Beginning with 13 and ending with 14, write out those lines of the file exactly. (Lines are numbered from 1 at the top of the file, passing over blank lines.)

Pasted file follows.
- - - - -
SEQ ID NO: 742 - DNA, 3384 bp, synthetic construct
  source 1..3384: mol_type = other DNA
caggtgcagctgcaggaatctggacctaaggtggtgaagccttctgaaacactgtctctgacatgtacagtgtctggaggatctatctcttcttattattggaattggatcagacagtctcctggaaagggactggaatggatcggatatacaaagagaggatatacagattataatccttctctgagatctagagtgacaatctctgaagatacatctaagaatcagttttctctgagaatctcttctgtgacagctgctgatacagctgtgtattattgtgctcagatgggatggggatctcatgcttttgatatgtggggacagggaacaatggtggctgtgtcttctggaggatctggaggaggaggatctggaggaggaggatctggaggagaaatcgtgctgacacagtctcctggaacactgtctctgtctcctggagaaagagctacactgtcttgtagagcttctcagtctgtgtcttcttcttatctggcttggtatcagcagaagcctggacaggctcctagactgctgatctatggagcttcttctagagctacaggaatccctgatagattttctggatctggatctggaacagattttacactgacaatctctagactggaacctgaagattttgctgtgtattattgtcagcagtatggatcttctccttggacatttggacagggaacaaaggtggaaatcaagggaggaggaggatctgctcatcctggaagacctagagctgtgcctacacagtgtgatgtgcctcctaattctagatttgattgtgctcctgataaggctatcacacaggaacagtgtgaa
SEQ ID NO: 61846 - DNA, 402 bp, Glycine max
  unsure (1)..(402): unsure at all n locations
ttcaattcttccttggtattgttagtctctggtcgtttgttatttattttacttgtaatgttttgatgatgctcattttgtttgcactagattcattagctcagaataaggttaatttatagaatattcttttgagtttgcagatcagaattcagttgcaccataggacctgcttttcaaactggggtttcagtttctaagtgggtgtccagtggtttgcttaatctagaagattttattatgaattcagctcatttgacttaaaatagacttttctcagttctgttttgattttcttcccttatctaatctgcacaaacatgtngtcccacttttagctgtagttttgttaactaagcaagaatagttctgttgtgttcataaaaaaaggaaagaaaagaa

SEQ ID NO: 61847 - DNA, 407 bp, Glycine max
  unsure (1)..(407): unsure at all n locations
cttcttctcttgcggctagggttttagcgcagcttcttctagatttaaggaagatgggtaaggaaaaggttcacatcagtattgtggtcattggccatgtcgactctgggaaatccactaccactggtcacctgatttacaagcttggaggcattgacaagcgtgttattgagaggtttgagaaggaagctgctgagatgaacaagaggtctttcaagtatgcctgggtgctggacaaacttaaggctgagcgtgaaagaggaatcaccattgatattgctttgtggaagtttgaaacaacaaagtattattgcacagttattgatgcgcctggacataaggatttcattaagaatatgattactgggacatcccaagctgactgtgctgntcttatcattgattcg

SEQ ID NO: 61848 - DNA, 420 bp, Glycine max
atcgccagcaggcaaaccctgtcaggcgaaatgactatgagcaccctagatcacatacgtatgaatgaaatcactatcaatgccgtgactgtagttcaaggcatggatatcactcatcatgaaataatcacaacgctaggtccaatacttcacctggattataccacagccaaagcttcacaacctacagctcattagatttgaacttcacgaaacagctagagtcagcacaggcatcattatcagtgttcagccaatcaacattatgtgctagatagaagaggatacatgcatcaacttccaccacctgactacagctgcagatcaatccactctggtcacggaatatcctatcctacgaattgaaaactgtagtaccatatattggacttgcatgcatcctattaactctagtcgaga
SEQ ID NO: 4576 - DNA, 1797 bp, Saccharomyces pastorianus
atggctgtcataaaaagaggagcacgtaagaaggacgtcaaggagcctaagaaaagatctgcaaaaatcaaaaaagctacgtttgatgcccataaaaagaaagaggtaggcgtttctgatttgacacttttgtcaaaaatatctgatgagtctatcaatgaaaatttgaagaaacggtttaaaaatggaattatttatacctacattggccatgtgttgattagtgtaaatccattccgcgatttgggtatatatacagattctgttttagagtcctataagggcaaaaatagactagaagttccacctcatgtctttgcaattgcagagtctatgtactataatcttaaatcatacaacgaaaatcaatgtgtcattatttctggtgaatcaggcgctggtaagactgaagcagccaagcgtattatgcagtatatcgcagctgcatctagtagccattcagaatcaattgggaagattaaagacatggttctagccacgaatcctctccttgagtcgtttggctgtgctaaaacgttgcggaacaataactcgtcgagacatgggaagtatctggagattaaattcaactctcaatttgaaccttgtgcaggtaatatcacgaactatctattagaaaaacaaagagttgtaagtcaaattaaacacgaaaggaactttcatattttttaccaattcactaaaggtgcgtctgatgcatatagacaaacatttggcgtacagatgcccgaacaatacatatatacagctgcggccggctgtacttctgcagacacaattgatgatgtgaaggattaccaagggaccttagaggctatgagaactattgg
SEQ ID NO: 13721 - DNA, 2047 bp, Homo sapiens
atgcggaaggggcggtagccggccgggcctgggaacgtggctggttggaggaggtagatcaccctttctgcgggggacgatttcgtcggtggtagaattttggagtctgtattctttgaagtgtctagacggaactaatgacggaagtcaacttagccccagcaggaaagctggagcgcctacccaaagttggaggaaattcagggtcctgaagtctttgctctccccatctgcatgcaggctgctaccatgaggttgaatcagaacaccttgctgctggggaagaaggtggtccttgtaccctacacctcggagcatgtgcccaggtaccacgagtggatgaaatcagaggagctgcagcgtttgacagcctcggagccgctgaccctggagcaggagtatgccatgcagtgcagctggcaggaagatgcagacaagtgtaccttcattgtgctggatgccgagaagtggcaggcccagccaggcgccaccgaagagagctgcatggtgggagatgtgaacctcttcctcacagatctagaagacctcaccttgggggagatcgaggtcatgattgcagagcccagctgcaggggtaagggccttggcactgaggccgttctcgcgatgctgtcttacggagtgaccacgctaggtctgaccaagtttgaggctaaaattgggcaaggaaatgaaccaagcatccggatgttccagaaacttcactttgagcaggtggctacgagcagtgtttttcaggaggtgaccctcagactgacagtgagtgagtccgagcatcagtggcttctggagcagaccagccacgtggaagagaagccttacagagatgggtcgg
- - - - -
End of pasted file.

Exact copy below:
atggctgtcataaaaagaggagcacgtaagaaggacgtcaaggagcctaagaaaagatctgcaaaaatcaaaaaagctacgtttgatgcccataaaaagaaagaggtaggcgtttctgatttgacacttttgtcaaaaatatctgatgagtctatcaatgaaaatttgaagaaacggtttaaaaatggaattatttatacctacattggccatgtgttgattagtgtaaatccattccgcgatttgggtatatatacagattctgttttagagtcctataagggcaaaaatagactagaagttccacctcatgtctttgcaattgcagagtctatgtactataatcttaaatcatacaacgaaaatcaatgtgtcattatttctggtgaatcaggcgctggtaagactgaagcagccaagcgtattatgcagtatatcgcagctgcatctagtagccattcagaatcaattgggaagattaaagacatggttctagccacgaatcctctccttgagtcgtttggctgtgctaaaacgttgcggaacaataactcgtcgagacatgggaagtatctggagattaaattcaactctcaatttgaaccttgtgcaggtaatatcacgaactatctattagaaaaacaaagagttgtaagtcaaattaaacacgaaaggaactttcatattttttaccaattcactaaaggtgcgtctgatgcatatagacaaacatttggcgtacagatgcccgaacaatacatatatacagctgcggccggctgtacttctgcagacacaattgatgatgtgaaggattaccaagggaccttagaggctatgagaactattgg
SEQ ID NO: 13721 - DNA, 2047 bp, Homo sapiens